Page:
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When the Pilgrims landed at Plymouth Rock, they brought with them trial by jury.
The right to a trial before a jury of one’s peers has been guaranteed throughout the history of Massachusetts and the United States, for almost four hundred years.
The Massachusetts Constitution guarantees the right to a jury trial in virtually all criminal prosecutions and provides for jury trials in civil cases.
The Sixth Amendment to the United States Constitution also guarantees the right to trial by jury in most criminal prosecutions. The Seventh Amendment provides for jury trials in civil cases.
Jury duty in Massachusetts calls for people to serve one day or for the duration of one trial. Most jurors complete their juror service in one day, and virtually all the rest fulfill their obligation within three days.
Jurors do not need special qualifications to sit on a jury. All that jurors really need are the ability to listen and the ability to understand. Jurors rely upon their common sense and life experience while serving on a jury.
Jurors are seekers of the truth. They listen to both sides of a case, decide what the facts are in the case, and then apply the rule of law (as explained by a judge) to reach a verdict.
In order to preserve the right to trial by jury and safeguard our constitutional freedoms, each of us must perform juror service. People from all walks of life must report for jury duty when summoned: students, judges, homemakers, professionals, police officers, retirees and others. Although we may come from different backgrounds, in juror service we come together in the pursuit of a common goal: determining the facts of a case and applying principles of law to reach a verdict.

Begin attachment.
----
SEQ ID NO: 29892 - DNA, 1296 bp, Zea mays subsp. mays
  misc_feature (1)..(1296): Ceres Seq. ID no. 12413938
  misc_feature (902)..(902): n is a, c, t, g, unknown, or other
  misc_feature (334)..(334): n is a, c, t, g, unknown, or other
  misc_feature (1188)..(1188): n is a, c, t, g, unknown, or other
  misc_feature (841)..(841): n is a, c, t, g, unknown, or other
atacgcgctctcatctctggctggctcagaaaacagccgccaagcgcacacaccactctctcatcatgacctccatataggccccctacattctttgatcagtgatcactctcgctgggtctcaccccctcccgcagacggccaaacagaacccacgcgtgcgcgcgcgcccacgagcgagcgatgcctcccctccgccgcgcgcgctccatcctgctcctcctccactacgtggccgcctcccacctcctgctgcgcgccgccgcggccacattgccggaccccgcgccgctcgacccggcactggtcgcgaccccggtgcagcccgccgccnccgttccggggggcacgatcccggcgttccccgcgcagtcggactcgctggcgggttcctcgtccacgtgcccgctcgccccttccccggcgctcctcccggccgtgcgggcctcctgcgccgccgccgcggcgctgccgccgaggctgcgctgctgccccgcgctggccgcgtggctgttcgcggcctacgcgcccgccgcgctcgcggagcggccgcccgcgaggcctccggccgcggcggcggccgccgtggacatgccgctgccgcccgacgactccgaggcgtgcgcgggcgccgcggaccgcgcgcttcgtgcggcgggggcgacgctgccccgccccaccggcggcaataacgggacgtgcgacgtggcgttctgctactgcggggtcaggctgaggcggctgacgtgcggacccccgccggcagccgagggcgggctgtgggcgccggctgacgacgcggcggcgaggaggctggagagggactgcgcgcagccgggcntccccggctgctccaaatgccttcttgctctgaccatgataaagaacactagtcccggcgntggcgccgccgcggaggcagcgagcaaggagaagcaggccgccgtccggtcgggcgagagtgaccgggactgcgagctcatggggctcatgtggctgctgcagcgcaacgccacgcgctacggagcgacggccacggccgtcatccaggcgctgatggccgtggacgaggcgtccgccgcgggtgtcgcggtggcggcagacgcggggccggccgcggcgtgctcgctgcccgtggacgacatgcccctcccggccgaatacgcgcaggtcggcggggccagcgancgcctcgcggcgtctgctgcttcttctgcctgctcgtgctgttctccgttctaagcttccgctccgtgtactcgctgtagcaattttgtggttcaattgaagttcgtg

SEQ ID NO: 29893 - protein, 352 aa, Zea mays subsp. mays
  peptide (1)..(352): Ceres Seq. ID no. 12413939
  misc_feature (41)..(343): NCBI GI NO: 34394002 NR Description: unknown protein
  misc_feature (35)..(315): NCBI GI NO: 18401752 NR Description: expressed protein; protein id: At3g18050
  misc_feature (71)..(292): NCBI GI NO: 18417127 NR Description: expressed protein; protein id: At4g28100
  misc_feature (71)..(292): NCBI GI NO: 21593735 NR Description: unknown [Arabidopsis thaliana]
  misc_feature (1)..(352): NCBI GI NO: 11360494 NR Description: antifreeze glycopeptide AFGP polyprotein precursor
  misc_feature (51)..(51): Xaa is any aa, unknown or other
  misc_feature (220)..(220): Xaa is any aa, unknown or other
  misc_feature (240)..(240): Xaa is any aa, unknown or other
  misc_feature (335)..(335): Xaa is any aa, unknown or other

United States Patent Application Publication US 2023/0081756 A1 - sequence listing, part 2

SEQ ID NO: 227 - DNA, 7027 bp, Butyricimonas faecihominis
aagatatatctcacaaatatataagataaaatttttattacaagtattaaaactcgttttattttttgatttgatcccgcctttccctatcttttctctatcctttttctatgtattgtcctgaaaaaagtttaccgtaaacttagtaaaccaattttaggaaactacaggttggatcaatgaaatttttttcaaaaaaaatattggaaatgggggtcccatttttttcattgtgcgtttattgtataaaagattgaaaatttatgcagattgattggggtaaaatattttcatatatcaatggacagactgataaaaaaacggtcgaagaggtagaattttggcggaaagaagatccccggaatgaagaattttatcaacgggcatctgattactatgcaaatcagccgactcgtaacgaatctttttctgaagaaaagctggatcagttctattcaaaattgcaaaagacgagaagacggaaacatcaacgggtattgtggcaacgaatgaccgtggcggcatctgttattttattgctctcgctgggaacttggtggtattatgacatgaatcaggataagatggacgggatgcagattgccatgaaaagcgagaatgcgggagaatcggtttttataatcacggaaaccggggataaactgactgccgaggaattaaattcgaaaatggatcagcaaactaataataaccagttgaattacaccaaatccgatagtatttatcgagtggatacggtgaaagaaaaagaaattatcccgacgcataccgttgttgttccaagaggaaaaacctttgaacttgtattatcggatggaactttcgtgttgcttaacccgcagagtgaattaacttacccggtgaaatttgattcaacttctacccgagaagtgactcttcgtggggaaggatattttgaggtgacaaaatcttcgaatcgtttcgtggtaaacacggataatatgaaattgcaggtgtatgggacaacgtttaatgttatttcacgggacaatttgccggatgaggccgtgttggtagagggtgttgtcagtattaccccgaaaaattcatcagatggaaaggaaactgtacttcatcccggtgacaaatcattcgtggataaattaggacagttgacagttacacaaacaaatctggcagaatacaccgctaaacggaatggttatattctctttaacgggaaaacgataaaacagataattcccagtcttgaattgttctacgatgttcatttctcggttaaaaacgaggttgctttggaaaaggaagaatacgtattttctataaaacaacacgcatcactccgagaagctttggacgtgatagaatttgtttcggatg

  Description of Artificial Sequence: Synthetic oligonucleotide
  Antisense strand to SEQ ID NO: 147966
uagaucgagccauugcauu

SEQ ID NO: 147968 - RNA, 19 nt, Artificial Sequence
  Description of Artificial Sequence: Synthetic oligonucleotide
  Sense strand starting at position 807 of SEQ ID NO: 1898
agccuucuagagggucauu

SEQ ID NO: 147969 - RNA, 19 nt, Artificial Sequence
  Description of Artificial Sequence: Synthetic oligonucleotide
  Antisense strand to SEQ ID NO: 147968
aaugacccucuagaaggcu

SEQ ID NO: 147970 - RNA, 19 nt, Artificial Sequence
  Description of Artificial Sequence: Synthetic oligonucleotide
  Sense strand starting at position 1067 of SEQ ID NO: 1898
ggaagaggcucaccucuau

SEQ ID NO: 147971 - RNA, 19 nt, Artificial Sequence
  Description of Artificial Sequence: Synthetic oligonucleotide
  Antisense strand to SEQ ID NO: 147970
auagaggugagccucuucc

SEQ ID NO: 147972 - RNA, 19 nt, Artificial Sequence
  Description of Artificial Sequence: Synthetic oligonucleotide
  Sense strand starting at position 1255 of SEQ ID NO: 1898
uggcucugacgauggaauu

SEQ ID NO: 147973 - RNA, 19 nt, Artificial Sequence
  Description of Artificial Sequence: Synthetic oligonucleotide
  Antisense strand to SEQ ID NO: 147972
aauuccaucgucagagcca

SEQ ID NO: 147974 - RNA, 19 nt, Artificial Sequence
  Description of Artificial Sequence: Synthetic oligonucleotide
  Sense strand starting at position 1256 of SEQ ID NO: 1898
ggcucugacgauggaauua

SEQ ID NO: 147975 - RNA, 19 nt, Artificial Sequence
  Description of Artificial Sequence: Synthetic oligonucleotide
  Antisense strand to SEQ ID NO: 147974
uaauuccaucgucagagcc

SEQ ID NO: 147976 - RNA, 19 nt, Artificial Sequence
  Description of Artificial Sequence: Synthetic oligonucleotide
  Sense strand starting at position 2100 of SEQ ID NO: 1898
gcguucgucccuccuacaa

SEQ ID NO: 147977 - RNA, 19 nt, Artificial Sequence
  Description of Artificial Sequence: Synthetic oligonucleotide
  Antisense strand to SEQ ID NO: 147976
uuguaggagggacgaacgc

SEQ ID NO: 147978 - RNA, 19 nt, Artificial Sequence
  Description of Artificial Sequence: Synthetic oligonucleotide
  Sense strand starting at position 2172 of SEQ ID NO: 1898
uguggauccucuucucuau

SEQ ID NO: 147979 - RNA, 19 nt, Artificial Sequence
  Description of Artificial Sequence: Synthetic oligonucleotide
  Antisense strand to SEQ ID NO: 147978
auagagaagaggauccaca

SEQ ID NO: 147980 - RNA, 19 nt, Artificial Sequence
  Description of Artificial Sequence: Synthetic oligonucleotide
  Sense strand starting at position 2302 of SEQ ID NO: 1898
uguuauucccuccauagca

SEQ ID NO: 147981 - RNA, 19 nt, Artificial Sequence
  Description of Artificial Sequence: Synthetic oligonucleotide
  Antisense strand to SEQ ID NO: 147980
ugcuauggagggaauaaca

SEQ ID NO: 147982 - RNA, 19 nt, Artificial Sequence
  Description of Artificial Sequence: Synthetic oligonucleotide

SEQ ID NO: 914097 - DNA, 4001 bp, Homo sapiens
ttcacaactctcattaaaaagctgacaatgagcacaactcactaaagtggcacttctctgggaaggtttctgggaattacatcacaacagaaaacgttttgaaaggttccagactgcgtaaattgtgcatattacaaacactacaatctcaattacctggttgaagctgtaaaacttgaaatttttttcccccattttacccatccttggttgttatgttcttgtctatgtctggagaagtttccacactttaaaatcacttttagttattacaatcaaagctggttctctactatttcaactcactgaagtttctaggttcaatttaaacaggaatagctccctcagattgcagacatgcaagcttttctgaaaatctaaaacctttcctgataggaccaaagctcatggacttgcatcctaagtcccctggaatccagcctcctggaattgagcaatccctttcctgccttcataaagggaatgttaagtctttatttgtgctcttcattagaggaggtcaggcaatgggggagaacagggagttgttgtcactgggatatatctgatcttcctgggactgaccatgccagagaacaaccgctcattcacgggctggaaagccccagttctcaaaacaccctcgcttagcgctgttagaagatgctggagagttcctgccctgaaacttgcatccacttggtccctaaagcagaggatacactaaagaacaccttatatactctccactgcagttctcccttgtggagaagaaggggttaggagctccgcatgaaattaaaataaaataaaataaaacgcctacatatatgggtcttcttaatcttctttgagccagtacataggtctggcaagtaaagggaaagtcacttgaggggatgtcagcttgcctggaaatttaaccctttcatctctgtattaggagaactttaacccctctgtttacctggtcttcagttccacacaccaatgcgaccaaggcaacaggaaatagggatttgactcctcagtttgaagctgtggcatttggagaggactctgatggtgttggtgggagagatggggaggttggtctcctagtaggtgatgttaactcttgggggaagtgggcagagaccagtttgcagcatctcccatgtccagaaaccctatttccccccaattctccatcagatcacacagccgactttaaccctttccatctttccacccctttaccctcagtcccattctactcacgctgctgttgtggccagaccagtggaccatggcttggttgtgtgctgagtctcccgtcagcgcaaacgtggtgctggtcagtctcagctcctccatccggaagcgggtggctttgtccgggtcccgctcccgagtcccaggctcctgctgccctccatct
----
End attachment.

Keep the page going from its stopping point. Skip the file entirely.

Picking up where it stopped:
Our jury system puts extraordinary power into the hands of ordinary people. Serving on a jury is one of the greatest exercises of authority entrusted to individuals in a democracy.
One of the concerns sometimes expressed by jurors is that they spent their time in a jury pool and were dismissed without participating by being called to a courtroom for impanelment. Jurors should not consider their time wasted. The mere presence at the courthouse of jurors who are ready and willing to serve helps to resolve many cases. It is important to remember this vital role that jurors play in our judicial system.
Jury duty stands as a cornerstone of democracy. The right to trial by jury is one of the greatest benefits that a democracy has to offer. It provides citizens with the chance to use their own voices in governing themselves. When jurors report for jury duty each day, they not only exercise their right to participate in the judicial process, but they also give others the chance to exercise their right to trial by jury. In doing so, they ensure the preservation of these rights for all of us. The right to trial by jury is as precious and valuable to us today as it was when our nation was born.
a. Little or No Financial Hardship: Jurors are paid by their employers for the first three days of juror service. Thereafter, the Commonwealth pays jurors $50 per day.
b. Short Term of Service: The great majority of jurors finish their juror service in one day.
c. No Exemptions: All persons who are eligible to perform juror service must serve.
d. Broad-Based Jury Pool: Jurors are selected randomly from lists of residents, which are compiled each year by the cities and towns of the Commonwealth.
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